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on Thursday, 10 June 2010 in Uncategorized
 Funny little email interchange with my brother, a doctor, yesterday. He sent me an excerpt from an article from  the New England Journal of Medicine---he so hates opacity and pedantry, and this (rightly) seemed an example of that to him:


Inflammation is risky. Leukocytes recruited to fight microbes cause collateral damage that is often more severe than that originally triggered by the pathogen. Moreover, inflammation takes place even in patients with sterile tissue injuries such as trauma and ischemia–reperfusion.

The immune system recognizes mitochondria released from dying tissues as the bacteria they (the mitochondria) once were, and it mobilizes its destructive potential to limit their proliferation and arrest a mistaken invasion. This tragic "misunderstanding" could have a role in several human diseases, leading to inflammation in conditions as clinically diverse as post-traumatic systemic inflammatory response syndrome, myocardial infarction, cerebral ischemia, and systemic and organ autoimmunity.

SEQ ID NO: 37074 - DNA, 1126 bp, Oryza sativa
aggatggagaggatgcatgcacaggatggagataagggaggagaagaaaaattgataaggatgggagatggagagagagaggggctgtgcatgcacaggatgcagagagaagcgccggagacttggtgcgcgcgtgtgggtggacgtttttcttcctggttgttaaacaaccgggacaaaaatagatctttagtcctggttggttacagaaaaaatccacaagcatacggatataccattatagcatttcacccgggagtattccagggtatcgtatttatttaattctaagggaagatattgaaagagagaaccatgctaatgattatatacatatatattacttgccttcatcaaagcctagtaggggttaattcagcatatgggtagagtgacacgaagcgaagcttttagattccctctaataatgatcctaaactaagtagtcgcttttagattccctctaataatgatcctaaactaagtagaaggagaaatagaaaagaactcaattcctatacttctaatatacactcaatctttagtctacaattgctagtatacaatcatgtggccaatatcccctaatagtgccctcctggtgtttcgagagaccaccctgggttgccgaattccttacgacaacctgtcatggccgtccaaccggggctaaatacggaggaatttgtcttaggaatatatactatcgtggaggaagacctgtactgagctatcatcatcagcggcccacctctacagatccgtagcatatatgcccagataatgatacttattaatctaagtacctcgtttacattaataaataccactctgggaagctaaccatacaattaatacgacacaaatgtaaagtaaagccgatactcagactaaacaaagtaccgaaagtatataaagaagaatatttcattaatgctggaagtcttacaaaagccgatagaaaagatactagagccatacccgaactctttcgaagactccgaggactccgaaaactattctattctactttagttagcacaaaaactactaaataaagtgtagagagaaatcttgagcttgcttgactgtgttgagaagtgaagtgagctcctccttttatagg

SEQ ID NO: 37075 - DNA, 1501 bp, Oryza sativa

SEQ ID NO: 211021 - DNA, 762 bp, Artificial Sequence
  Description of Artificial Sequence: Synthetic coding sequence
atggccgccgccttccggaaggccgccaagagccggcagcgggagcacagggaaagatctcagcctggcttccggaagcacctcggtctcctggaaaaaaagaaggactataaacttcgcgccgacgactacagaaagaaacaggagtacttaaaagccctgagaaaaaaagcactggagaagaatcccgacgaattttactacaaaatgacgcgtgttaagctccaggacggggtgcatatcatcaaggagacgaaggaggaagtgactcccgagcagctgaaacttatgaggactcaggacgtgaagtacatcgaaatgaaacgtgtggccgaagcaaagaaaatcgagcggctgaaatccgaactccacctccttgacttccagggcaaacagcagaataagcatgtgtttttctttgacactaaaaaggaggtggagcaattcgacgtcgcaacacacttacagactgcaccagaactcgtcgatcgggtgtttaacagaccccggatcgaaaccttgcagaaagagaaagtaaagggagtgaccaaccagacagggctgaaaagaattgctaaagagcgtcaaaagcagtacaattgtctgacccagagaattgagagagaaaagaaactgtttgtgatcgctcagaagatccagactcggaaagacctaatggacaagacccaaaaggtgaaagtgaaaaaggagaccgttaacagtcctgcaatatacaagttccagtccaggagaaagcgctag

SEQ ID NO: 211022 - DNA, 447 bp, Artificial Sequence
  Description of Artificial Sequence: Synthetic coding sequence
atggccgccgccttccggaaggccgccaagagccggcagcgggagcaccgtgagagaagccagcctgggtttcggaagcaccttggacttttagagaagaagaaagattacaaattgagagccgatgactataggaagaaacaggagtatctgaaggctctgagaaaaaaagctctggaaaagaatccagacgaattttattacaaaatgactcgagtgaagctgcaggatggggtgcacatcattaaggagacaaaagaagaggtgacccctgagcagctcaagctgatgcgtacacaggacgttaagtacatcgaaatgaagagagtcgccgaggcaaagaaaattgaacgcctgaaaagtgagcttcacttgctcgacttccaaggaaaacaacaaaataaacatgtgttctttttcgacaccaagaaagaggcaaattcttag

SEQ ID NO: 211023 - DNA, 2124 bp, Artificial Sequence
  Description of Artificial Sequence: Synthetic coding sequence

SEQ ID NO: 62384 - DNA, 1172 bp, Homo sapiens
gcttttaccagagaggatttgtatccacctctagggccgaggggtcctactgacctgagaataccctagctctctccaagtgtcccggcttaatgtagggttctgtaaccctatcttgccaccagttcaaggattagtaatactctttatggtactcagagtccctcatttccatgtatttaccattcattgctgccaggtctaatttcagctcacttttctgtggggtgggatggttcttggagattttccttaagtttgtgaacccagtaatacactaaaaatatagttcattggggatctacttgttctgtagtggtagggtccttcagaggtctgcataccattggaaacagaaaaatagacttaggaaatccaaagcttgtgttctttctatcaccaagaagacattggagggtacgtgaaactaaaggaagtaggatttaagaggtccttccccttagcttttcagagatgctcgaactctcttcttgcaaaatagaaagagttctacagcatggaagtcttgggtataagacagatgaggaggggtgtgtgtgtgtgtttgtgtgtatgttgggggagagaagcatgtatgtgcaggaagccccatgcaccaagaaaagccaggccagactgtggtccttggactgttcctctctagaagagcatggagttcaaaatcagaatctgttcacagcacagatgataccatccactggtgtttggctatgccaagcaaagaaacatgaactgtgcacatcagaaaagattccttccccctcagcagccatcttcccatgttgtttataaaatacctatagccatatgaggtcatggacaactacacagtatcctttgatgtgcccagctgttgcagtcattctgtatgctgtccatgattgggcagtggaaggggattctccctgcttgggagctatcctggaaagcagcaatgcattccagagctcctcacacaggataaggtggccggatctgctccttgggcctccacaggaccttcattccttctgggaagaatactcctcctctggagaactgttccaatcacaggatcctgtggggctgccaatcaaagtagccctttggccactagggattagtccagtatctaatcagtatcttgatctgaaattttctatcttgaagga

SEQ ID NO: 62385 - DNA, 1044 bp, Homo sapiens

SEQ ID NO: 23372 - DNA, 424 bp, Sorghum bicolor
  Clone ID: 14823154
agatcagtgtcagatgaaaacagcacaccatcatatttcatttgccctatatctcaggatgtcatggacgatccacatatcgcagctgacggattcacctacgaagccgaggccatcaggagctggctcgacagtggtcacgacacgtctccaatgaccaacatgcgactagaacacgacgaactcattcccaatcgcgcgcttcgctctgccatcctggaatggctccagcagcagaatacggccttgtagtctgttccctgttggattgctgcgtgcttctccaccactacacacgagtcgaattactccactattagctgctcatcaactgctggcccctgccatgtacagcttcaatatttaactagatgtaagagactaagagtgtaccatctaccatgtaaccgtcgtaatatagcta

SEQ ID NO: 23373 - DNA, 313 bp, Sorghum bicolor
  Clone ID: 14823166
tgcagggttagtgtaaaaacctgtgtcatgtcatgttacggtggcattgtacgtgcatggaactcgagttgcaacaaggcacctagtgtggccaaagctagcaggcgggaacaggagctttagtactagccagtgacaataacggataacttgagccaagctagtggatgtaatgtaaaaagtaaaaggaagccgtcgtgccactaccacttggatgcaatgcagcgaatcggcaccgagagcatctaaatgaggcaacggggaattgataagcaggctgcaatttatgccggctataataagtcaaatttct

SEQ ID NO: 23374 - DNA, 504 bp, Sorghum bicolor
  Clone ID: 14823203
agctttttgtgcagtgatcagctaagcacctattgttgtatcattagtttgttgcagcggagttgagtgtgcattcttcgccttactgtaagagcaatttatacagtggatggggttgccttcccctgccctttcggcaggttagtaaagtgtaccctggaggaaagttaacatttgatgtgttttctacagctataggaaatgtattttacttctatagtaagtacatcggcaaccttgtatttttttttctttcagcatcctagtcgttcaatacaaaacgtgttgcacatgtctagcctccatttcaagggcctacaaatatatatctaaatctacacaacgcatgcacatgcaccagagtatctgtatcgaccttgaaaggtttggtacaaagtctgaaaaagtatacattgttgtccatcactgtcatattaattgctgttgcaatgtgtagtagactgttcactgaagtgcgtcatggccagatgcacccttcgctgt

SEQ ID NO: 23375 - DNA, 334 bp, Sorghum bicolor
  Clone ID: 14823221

Mitochondria are membrane-bound organelles that produce energy in virtually all eukaryotic cells. They have evolved from an endosymbiont alpha-proteobacterium (a relative of brucella and rickettsia). Mitochondria have their own DNA, enriched in hypomethylated CpG-containing sequences, which is duplicated when mitochondria divide. The origin of the eukaryotic cell is still controversial, and transitional forms between prokaryotes and eukaryotes have not been persuasively documented.3  The amalgamation of two prokaryotes or the amalgamation of a prokaryote with an eukaryotic precursor cell are possible scenarios. Regardless, the merger would have occurred long before the existence of an immune system, which by definition is a feature that is unique to multicellular organisms.